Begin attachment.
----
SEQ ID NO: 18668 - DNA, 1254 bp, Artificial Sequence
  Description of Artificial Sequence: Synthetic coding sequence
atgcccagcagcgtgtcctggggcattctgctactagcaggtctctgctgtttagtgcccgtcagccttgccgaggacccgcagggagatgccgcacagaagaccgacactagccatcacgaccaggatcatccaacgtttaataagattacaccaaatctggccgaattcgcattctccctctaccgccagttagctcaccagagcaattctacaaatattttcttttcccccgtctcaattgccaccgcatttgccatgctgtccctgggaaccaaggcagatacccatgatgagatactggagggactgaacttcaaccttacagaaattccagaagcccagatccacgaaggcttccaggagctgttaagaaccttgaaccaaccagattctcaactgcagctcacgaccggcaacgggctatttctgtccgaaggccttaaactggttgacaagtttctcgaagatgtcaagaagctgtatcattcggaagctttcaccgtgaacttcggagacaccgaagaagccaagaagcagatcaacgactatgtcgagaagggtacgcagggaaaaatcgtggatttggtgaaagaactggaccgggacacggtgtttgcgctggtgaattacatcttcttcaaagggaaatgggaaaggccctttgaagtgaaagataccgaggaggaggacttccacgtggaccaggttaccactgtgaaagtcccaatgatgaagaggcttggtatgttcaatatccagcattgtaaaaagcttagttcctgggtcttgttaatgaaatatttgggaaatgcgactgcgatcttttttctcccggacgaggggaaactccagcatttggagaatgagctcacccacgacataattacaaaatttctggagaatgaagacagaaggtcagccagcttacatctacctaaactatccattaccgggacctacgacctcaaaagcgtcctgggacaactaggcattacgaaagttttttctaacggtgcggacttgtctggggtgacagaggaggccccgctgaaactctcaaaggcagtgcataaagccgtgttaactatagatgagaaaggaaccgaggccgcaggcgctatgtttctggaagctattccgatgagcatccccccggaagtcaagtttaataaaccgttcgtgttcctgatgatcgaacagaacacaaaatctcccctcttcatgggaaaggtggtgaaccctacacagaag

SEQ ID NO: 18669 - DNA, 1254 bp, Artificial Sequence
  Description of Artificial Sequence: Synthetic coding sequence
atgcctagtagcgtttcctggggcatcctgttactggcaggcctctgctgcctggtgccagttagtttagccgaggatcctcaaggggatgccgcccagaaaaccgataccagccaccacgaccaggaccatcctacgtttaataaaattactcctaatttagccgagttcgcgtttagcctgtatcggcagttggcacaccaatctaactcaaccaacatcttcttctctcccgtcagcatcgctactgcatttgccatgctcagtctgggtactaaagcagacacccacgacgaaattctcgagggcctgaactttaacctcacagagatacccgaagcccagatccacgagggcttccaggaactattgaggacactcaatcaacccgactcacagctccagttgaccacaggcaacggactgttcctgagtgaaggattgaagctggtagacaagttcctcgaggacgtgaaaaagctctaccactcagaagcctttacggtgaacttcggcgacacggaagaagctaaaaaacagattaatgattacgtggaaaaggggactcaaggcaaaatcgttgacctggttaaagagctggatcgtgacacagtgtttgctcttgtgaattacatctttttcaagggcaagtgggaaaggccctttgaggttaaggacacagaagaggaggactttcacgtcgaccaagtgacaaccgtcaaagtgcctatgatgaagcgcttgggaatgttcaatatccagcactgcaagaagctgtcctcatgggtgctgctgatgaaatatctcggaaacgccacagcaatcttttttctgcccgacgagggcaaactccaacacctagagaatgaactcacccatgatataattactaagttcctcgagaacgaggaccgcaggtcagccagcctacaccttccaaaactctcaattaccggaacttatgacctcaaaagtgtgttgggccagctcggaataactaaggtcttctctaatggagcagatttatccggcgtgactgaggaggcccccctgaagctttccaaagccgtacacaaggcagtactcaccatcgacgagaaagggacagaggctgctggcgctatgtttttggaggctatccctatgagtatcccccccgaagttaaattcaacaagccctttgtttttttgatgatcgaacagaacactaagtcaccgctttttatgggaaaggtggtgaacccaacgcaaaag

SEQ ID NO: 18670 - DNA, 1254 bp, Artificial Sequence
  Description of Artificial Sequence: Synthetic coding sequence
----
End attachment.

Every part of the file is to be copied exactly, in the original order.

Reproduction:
SEQ ID NO: 18668 - DNA, 1254 bp, Artificial Sequence
  Description of Artificial Sequence: Synthetic coding sequence
atgcccagcagcgtgtcctggggcattctgctactagcaggtctctgctgtttagtgcccgtcagccttgccgaggacccgcagggagatgccgcacagaagaccgacactagccatcacgaccaggatcatccaacgtttaataagattacaccaaatctggccgaattcgcattctccctctaccgccagttagctcaccagagcaattctacaaatattttcttttcccccgtctcaattgccaccgcatttgccatgctgtccctgggaaccaaggcagatacccatgatgagatactggagggactgaacttcaaccttacagaaattccagaagcccagatccacgaaggcttccaggagctgttaagaaccttgaaccaaccagattctcaactgcagctcacgaccggcaacgggctatttctgtccgaaggccttaaactggttgacaagtttctcgaagatgtcaagaagctgtatcattcggaagctttcaccgtgaacttcggagacaccgaagaagccaagaagcagatcaacgactatgtcgagaagggtacgcagggaaaaatcgtggatttggtgaaagaactggaccgggacacggtgtttgcgctggtgaattacatcttcttcaaagggaaatgggaaaggccctttgaagtgaaagataccgaggaggaggacttccacgtggaccaggttaccactgtgaaagtcccaatgatgaagaggcttggtatgttcaatatccagcattgtaaaaagcttagttcctgggtcttgttaatgaaatatttgggaaatgcgactgcgatcttttttctcccggacgaggggaaactccagcatttggagaatgagctcacccacgacataattacaaaatttctggagaatgaagacagaaggtcagccagcttacatctacctaaactatccattaccgggacctacgacctcaaaagcgtcctgggacaactaggcattacgaaagttttttctaacggtgcggacttgtctggggtgacagaggaggccccgctgaaactctcaaaggcagtgcataaagccgtgttaactatagatgagaaaggaaccgaggccgcaggcgctatgtttctggaagctattccgatgagcatccccccggaagtcaagtttaataaaccgttcgtgttcctgatgatcgaacagaacacaaaatctcccctcttcatgggaaaggtggtgaaccctacacagaag

SEQ ID NO: 18669 - DNA, 1254 bp, Artificial Sequence
  Description of Artificial Sequence: Synthetic coding sequence
atgcctagtagcgtttcctggggcatcctgttactggcaggcctctgctgcctggtgccagttagtttagccgaggatcctcaaggggatgccgcccagaaaaccgataccagccaccacgaccaggaccatcctacgtttaataaaattactcctaatttagccgagttcgcgtttagcctgtatcggcagttggcacaccaatctaactcaaccaacatcttcttctctcccgtcagcatcgctactgcatttgccatgctcagtctgggtactaaagcagacacccacgacgaaattctcgagggcctgaactttaacctcacagagatacccgaagcccagatccacgagggcttccaggaactattgaggacactcaatcaacccgactcacagctccagttgaccacaggcaacggactgttcctgagtgaaggattgaagctggtagacaagttcctcgaggacgtgaaaaagctctaccactcagaagcctttacggtgaacttcggcgacacggaagaagctaaaaaacagattaatgattacgtggaaaaggggactcaaggcaaaatcgttgacctggttaaagagctggatcgtgacacagtgtttgctcttgtgaattacatctttttcaagggcaagtgggaaaggccctttgaggttaaggacacagaagaggaggactttcacgtcgaccaagtgacaaccgtcaaagtgcctatgatgaagcgcttgggaatgttcaatatccagcactgcaagaagctgtcctcatgggtgctgctgatgaaatatctcggaaacgccacagcaatcttttttctgcccgacgagggcaaactccaacacctagagaatgaactcacccatgatataattactaagttcctcgagaacgaggaccgcaggtcagccagcctacaccttccaaaactctcaattaccggaacttatgacctcaaaagtgtgttgggccagctcggaataactaaggtcttctctaatggagcagatttatccggcgtgactgaggaggcccccctgaagctttccaaagccgtacacaaggcagtactcaccatcgacgagaaagggacagaggctgctggcgctatgtttttggaggctatccctatgagtatcccccccgaagttaaattcaacaagccctttgtttttttgatgatcgaacagaacactaagtcaccgctttttatgggaaaggtggtgaacccaacgcaaaag

SEQ ID NO: 18670 - DNA, 1254 bp, Artificial Sequence
  Description of Artificial Sequence: Synthetic coding sequence